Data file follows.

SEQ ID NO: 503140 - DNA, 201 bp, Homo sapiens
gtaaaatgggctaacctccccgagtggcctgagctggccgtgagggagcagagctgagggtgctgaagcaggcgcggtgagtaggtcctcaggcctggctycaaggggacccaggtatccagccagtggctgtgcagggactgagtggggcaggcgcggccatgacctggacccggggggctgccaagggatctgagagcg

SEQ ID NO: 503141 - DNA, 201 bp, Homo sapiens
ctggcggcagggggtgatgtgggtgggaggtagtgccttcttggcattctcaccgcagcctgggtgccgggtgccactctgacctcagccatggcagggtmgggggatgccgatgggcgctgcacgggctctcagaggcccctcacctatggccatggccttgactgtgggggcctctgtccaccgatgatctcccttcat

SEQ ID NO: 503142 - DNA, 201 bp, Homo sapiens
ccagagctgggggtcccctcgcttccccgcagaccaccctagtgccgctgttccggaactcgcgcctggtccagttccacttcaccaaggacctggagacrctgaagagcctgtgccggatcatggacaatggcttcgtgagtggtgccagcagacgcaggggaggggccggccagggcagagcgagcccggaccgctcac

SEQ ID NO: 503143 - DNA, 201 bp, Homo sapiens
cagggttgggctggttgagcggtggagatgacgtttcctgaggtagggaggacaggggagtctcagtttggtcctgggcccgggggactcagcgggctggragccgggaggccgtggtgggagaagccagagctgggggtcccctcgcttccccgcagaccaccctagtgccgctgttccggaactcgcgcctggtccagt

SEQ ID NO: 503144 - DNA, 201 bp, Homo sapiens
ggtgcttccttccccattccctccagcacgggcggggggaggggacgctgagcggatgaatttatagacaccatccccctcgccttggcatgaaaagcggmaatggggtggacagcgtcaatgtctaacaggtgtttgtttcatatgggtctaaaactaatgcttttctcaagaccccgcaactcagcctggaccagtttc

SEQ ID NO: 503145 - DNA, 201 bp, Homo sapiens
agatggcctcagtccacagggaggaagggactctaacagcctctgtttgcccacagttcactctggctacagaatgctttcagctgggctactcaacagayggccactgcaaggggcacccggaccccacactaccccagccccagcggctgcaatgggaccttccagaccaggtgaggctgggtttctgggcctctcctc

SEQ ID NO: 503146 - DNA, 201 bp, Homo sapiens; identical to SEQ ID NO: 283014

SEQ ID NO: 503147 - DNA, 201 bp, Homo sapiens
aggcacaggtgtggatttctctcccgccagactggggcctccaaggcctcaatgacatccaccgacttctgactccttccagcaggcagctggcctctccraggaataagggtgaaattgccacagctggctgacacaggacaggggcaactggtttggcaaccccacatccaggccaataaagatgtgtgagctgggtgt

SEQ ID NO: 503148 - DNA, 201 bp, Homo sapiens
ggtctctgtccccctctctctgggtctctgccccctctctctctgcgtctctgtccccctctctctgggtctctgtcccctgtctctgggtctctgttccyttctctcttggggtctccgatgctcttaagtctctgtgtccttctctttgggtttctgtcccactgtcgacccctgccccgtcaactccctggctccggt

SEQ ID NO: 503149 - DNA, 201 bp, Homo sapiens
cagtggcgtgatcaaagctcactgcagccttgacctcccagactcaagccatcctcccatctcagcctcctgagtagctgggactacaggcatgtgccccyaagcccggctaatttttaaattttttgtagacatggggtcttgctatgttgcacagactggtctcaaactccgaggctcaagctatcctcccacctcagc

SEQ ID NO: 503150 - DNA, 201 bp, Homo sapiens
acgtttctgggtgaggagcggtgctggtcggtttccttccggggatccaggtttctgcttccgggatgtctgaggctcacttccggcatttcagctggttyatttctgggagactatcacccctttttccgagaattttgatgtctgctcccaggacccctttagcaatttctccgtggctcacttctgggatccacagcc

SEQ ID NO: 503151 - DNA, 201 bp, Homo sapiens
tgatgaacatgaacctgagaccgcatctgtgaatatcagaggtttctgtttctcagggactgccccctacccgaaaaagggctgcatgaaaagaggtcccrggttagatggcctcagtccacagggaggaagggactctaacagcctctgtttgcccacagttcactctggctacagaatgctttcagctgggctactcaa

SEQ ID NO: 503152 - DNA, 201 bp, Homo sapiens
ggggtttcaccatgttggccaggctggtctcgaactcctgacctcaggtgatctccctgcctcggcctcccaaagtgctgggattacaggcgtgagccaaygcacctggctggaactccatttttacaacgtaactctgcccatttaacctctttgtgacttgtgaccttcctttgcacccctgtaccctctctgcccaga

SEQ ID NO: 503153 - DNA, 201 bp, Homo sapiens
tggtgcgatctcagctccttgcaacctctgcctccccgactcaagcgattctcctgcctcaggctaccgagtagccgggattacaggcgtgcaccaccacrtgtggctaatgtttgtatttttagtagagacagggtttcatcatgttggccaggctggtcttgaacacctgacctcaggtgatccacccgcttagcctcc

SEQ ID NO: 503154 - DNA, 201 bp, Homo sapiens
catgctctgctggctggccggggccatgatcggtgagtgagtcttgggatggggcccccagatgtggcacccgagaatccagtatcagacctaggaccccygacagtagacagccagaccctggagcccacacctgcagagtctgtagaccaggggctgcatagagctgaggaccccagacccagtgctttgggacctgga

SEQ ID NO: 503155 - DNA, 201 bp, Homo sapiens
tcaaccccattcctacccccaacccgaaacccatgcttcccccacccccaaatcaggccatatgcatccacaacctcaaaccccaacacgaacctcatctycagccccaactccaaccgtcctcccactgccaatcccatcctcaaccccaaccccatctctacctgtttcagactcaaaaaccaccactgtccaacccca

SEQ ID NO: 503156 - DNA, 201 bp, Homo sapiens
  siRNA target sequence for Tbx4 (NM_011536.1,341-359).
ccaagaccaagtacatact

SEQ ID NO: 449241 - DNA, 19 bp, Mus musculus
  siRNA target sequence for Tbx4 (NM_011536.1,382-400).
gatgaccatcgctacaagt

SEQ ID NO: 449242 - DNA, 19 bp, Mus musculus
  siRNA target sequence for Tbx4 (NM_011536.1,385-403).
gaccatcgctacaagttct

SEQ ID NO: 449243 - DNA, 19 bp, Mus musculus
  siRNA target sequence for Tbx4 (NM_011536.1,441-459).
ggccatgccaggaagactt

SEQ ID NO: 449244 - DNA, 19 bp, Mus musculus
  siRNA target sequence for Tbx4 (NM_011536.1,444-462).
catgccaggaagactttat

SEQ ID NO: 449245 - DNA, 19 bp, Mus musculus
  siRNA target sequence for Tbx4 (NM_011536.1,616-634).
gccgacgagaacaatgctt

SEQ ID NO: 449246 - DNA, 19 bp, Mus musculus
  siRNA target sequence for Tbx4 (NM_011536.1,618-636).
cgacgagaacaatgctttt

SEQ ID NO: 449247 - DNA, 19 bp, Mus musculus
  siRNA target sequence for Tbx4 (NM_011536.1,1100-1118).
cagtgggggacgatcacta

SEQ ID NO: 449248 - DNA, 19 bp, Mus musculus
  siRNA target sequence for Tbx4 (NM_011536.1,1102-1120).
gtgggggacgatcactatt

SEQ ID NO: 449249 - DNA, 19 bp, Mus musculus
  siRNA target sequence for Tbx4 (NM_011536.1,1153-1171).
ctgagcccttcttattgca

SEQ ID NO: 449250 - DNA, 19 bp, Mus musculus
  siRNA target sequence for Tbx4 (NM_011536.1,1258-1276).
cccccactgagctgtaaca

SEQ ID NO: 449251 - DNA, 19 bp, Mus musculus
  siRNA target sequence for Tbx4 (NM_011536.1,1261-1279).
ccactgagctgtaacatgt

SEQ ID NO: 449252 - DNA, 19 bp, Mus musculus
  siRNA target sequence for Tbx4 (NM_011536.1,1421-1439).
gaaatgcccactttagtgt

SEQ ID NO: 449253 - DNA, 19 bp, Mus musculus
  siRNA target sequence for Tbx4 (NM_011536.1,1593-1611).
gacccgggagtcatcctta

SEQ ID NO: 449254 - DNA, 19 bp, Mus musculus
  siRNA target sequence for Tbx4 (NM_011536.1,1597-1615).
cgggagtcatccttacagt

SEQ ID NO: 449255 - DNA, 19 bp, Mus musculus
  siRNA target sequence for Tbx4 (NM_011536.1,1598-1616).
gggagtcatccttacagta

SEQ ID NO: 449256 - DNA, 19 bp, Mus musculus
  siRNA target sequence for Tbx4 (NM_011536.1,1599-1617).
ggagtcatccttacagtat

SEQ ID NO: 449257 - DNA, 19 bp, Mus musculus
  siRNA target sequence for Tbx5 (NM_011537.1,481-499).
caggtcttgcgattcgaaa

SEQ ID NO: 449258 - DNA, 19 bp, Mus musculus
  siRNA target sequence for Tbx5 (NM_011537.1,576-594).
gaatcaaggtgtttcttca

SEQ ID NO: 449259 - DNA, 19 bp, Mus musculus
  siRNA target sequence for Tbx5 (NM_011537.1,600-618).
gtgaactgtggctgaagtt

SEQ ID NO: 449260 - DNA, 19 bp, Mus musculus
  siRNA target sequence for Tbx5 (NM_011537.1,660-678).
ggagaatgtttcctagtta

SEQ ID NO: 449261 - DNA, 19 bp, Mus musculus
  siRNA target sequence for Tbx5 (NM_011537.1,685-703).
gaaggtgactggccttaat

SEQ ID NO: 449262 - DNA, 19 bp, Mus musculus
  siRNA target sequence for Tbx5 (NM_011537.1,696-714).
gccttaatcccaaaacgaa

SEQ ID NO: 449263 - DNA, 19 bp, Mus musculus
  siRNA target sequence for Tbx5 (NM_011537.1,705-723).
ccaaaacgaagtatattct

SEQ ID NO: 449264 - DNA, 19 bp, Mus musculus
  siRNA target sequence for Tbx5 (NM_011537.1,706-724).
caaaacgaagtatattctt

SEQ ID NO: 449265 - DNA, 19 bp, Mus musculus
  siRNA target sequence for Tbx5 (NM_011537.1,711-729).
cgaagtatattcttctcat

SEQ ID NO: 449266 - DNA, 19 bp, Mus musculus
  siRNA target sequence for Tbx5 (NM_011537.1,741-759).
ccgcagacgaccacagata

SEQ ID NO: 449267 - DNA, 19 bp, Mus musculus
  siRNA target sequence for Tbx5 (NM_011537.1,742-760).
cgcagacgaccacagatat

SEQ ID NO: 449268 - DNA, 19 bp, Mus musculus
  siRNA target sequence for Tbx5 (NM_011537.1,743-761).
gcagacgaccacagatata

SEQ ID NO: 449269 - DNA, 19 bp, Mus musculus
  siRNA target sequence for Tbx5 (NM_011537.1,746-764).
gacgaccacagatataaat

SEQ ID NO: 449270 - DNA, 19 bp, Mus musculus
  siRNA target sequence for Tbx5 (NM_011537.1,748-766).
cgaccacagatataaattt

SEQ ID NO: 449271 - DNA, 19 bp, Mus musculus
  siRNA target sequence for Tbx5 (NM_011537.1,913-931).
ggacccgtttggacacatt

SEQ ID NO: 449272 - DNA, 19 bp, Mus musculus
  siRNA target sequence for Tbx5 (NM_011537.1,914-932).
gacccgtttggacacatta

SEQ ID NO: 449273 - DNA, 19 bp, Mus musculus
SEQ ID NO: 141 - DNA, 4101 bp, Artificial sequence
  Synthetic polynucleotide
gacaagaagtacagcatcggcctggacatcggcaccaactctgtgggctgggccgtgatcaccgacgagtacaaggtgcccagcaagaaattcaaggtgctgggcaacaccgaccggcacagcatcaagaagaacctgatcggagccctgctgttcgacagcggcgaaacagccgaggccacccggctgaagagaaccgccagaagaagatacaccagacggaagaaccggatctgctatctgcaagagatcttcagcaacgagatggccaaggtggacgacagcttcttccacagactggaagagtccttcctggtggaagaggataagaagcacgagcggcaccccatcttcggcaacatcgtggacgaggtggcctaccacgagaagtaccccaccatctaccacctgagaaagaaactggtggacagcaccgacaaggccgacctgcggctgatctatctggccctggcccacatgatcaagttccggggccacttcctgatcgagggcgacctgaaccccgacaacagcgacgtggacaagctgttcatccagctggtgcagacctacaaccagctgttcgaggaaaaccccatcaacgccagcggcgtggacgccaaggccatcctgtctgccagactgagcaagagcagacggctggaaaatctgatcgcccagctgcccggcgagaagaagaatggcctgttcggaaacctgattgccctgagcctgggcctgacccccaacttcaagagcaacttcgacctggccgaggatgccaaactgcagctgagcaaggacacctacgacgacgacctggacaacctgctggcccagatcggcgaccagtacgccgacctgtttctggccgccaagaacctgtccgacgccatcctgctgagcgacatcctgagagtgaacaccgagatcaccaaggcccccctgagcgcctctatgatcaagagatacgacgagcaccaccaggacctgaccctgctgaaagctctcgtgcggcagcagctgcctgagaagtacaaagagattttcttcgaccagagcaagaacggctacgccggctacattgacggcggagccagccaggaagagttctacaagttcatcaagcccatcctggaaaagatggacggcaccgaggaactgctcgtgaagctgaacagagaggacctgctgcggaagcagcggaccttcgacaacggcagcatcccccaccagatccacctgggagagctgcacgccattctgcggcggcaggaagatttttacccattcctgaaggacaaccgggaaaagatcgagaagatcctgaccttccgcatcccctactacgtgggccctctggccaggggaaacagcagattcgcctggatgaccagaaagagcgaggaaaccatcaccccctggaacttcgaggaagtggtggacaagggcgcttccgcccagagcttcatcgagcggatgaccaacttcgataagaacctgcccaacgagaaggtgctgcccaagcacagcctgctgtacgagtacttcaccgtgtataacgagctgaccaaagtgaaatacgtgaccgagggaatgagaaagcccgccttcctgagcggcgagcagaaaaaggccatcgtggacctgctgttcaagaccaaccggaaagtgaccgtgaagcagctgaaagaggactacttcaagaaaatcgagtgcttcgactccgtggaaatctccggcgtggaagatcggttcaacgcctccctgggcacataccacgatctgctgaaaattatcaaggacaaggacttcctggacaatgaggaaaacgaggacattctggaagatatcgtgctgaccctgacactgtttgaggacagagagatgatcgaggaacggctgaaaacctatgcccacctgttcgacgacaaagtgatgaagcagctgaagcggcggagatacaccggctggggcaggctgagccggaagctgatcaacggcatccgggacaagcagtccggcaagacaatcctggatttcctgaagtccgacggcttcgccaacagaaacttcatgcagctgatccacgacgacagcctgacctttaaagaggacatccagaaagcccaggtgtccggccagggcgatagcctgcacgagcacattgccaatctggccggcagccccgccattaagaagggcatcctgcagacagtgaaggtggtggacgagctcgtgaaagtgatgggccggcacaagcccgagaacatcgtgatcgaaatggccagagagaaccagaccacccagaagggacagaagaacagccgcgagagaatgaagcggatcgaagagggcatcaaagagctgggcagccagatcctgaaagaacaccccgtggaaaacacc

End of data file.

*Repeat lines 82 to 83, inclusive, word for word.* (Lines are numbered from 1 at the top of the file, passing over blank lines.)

ggagtcatccttacagtat

SEQ ID NO: 449257 - DNA, 19 bp, Mus musculus